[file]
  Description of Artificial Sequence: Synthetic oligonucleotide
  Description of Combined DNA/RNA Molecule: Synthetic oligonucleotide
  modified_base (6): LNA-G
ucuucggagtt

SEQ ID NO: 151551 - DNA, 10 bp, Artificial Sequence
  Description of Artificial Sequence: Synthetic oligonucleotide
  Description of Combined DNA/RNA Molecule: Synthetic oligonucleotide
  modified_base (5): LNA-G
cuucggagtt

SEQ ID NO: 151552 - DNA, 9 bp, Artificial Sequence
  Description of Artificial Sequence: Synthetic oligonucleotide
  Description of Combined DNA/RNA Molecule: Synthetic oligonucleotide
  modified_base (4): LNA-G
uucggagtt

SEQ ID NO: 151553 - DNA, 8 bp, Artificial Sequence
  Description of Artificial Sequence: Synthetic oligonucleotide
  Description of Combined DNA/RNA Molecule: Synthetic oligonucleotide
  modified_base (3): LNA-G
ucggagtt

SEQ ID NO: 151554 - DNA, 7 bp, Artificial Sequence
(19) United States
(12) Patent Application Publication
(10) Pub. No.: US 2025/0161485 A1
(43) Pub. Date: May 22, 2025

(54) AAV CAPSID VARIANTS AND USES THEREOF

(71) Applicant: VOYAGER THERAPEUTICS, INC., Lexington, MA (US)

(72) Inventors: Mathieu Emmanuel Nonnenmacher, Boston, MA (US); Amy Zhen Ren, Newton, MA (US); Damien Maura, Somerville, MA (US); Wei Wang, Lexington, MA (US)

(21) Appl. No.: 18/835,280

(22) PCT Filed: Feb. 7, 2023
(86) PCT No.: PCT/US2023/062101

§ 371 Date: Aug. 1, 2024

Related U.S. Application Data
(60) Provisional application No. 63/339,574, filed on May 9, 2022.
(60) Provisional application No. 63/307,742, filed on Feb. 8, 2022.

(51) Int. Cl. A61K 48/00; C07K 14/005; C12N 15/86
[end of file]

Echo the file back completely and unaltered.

  Description of Artificial Sequence: Synthetic oligonucleotide
  Description of Combined DNA/RNA Molecule: Synthetic oligonucleotide
  modified_base (6): LNA-G
ucuucggagtt

SEQ ID NO: 151551 - DNA, 10 bp, Artificial Sequence
  Description of Artificial Sequence: Synthetic oligonucleotide
  Description of Combined DNA/RNA Molecule: Synthetic oligonucleotide
  modified_base (5): LNA-G
cuucggagtt

SEQ ID NO: 151552 - DNA, 9 bp, Artificial Sequence
  Description of Artificial Sequence: Synthetic oligonucleotide
  Description of Combined DNA/RNA Molecule: Synthetic oligonucleotide
  modified_base (4): LNA-G
uucggagtt

SEQ ID NO: 151553 - DNA, 8 bp, Artificial Sequence
  Description of Artificial Sequence: Synthetic oligonucleotide
  Description of Combined DNA/RNA Molecule: Synthetic oligonucleotide
  modified_base (3): LNA-G
ucggagtt

SEQ ID NO: 151554 - DNA, 7 bp, Artificial Sequence
(19) United States
(12) Patent Application Publication
(10) Pub. No.: US 2025/0161485 A1
(43) Pub. Date: May 22, 2025

(54) AAV CAPSID VARIANTS AND USES THEREOF

(71) Applicant: VOYAGER THERAPEUTICS, INC., Lexington, MA (US)

(72) Inventors: Mathieu Emmanuel Nonnenmacher, Boston, MA (US); Amy Zhen Ren, Newton, MA (US); Damien Maura, Somerville, MA (US); Wei Wang, Lexington, MA (US)

(21) Appl. No.: 18/835,280

(22) PCT Filed: Feb. 7, 2023
(86) PCT No.: PCT/US2023/062101

§ 371 Date: Aug. 1, 2024

Related U.S. Application Data
(60) Provisional application No. 63/339,574, filed on May 9, 2022.
(60) Provisional application No. 63/307,742, filed on Feb. 8, 2022.

(51) Int. Cl. A61K 48/00; C07K 14/005; C12N 15/86